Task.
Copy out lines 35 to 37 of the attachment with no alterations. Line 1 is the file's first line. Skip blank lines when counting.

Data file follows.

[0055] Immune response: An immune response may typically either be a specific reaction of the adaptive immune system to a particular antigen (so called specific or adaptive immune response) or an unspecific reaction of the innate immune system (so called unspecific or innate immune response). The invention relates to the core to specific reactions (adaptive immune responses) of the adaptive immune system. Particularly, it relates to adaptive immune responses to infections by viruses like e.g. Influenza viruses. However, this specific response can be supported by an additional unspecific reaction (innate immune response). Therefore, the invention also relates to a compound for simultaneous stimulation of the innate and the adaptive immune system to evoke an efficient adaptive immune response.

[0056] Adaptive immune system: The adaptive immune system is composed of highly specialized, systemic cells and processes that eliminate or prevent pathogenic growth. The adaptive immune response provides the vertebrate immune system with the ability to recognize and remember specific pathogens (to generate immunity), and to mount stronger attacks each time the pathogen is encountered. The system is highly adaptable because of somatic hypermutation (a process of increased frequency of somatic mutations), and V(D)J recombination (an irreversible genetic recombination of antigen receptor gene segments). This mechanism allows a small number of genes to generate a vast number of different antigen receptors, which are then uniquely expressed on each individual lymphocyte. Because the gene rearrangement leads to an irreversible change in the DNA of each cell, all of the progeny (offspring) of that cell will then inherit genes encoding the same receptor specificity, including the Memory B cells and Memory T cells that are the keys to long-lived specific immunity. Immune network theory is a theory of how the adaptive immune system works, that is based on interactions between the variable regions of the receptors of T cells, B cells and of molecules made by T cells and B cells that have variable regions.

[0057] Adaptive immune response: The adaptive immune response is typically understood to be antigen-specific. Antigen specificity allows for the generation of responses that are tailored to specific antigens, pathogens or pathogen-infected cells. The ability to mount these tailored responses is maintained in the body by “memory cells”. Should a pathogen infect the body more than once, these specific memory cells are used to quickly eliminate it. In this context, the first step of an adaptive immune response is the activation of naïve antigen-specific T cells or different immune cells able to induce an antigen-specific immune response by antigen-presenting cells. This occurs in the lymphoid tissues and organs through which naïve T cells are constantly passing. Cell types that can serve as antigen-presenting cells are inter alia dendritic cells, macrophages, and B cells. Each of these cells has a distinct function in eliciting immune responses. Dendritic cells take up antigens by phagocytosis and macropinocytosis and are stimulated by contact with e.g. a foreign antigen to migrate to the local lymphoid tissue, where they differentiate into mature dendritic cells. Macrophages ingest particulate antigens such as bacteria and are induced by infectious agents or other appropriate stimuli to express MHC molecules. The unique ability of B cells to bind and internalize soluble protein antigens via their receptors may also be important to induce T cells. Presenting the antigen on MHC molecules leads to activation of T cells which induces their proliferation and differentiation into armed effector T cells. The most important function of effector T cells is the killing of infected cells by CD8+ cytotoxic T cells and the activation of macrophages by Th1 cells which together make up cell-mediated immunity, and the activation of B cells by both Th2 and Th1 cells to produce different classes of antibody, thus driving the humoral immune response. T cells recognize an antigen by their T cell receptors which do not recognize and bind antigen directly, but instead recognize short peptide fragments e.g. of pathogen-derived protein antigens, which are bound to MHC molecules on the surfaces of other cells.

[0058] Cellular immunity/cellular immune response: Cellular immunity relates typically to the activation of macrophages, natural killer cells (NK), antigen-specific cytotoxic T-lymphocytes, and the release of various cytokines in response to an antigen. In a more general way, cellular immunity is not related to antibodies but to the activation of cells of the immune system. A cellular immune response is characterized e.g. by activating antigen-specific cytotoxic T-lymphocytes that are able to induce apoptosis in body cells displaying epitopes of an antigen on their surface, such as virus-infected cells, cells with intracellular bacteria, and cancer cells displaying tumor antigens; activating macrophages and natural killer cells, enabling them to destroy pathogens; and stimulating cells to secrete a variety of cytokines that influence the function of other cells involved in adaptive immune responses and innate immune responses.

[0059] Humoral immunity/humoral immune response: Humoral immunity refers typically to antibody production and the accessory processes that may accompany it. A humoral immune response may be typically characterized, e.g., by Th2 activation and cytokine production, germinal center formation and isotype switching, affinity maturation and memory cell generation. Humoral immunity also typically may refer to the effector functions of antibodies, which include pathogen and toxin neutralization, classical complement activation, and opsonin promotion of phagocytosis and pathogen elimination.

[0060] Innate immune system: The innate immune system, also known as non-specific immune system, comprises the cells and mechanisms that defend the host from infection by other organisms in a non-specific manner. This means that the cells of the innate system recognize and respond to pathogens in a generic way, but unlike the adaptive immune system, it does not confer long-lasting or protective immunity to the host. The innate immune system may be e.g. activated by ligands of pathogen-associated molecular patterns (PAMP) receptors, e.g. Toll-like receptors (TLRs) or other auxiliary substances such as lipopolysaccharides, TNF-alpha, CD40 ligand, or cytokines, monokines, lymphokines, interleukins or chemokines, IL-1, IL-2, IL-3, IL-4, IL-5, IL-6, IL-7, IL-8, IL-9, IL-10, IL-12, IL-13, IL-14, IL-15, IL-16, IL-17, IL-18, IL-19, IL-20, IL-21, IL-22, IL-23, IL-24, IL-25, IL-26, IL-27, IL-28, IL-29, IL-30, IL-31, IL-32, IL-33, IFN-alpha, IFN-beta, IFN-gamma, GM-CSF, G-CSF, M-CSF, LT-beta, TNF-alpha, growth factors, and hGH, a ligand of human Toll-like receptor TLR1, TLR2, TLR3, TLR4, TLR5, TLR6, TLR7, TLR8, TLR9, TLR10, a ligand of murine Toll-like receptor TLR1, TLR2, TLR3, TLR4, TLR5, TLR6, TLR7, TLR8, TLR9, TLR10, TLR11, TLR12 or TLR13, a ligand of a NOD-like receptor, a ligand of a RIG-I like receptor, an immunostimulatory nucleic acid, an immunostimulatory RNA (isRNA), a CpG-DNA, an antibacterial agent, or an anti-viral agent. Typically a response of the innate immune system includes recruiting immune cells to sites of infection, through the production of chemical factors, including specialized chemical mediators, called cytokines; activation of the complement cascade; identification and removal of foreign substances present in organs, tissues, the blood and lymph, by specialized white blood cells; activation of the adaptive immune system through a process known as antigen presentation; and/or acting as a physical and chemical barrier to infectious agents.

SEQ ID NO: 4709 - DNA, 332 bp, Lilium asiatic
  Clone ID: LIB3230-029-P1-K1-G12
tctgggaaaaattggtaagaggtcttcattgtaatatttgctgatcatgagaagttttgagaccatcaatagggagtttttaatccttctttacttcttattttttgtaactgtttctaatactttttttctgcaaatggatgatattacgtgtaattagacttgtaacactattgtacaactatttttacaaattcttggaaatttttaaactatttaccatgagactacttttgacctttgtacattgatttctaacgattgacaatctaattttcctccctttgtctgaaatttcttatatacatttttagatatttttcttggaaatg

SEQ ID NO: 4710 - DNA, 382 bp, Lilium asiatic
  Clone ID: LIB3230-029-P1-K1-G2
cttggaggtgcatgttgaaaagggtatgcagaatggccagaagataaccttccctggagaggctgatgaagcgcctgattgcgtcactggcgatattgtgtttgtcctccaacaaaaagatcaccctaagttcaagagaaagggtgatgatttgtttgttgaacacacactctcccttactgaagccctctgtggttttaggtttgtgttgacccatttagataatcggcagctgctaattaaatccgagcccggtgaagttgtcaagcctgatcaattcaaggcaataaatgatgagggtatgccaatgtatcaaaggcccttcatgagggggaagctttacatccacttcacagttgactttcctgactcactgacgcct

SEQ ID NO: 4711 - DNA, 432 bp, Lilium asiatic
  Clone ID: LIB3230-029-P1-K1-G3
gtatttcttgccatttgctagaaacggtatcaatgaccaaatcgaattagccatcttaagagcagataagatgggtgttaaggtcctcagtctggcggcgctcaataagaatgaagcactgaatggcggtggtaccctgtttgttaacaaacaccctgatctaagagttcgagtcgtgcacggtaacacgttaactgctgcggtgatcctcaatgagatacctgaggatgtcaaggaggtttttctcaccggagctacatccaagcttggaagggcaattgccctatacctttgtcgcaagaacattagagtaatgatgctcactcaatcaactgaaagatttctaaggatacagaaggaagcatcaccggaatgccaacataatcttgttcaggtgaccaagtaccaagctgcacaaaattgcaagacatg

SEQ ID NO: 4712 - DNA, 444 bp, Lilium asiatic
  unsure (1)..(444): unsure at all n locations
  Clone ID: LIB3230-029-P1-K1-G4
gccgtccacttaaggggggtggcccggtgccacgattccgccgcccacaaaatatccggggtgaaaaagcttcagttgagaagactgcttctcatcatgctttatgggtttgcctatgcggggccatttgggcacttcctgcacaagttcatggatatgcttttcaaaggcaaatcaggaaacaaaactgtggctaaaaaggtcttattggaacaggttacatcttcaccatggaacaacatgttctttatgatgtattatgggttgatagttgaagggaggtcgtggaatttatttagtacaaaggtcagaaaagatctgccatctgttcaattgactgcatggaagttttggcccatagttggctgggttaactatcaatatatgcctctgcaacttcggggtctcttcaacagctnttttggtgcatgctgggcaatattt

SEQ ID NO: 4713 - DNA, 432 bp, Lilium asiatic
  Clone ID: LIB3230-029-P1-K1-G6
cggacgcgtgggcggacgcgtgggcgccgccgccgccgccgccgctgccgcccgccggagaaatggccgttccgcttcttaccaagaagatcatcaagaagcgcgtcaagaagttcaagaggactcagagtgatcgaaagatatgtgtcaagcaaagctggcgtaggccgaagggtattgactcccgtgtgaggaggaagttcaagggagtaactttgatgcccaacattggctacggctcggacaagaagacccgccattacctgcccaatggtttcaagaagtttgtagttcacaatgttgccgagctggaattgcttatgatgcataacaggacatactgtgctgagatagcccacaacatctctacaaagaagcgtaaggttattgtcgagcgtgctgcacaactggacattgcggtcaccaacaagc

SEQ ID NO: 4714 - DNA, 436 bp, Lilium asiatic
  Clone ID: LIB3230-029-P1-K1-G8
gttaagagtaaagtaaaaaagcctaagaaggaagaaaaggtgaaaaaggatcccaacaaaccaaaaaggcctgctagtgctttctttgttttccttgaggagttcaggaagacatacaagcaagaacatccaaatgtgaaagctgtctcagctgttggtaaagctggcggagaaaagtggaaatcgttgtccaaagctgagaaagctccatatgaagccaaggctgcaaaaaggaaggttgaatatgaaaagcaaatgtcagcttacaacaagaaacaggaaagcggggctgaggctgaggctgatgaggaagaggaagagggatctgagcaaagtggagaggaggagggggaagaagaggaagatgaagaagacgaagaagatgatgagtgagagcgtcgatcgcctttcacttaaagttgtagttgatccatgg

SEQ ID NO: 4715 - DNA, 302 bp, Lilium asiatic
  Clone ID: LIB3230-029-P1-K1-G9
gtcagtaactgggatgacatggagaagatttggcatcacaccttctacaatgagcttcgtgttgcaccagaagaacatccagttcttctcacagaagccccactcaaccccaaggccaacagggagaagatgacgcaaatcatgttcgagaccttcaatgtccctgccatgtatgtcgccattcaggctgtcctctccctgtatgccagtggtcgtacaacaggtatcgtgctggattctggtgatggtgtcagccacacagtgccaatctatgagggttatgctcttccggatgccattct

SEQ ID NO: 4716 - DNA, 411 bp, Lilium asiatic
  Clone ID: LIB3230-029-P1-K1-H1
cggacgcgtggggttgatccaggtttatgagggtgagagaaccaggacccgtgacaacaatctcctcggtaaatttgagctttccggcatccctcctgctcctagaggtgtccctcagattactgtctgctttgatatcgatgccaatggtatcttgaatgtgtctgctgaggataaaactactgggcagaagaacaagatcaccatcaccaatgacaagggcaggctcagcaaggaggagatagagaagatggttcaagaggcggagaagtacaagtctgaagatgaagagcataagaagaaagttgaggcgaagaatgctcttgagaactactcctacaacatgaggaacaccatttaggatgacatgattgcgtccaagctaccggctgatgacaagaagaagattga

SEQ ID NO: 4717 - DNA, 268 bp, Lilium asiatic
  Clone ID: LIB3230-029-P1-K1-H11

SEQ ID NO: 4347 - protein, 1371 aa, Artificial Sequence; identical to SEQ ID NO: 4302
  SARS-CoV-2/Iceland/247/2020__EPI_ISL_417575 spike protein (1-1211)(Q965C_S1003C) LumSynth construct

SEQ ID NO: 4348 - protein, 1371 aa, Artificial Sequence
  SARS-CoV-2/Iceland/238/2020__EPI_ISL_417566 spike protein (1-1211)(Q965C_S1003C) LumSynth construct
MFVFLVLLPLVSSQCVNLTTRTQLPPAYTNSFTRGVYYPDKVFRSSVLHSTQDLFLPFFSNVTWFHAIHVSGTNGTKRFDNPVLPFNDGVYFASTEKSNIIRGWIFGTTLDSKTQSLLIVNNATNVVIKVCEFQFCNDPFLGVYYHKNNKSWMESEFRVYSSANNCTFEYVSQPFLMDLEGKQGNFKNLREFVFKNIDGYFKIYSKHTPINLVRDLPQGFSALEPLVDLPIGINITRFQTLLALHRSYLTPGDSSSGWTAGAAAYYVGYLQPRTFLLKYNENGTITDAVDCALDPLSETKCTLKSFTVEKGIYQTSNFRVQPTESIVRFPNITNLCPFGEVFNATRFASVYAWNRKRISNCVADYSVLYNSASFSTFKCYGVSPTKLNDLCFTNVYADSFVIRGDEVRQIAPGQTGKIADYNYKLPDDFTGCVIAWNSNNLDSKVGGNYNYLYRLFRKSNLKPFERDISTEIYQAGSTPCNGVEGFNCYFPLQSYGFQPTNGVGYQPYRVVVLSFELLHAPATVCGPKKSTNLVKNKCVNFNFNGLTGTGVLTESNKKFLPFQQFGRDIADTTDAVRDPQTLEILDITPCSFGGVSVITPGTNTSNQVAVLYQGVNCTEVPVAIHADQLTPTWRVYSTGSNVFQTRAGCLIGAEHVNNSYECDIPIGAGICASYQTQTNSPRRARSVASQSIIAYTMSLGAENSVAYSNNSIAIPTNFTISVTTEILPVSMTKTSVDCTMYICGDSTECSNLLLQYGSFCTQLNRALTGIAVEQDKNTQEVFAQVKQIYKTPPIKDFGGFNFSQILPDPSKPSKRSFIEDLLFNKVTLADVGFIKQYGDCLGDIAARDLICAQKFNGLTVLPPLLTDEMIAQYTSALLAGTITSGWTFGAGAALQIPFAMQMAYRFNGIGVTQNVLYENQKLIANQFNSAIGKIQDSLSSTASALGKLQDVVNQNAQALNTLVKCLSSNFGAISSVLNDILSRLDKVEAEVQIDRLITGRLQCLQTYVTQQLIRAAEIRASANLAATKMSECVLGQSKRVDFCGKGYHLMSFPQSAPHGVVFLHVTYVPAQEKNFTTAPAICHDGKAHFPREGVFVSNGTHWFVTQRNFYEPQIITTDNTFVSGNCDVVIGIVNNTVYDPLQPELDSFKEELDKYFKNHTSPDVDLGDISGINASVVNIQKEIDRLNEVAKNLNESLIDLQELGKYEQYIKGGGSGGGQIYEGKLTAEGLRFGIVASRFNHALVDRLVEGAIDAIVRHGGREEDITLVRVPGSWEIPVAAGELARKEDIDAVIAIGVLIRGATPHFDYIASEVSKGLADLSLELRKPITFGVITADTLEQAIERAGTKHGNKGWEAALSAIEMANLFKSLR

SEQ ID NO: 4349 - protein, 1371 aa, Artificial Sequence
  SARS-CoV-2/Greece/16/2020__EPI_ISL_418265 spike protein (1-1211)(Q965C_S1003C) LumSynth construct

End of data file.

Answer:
  SARS-CoV-2/Iceland/247/2020__EPI_ISL_417575 spike protein (1-1211)(Q965C_S1003C) LumSynth construct

SEQ ID NO: 4348 - protein, 1371 aa, Artificial Sequence
  SARS-CoV-2/Iceland/238/2020__EPI_ISL_417566 spike protein (1-1211)(Q965C_S1003C) LumSynth construct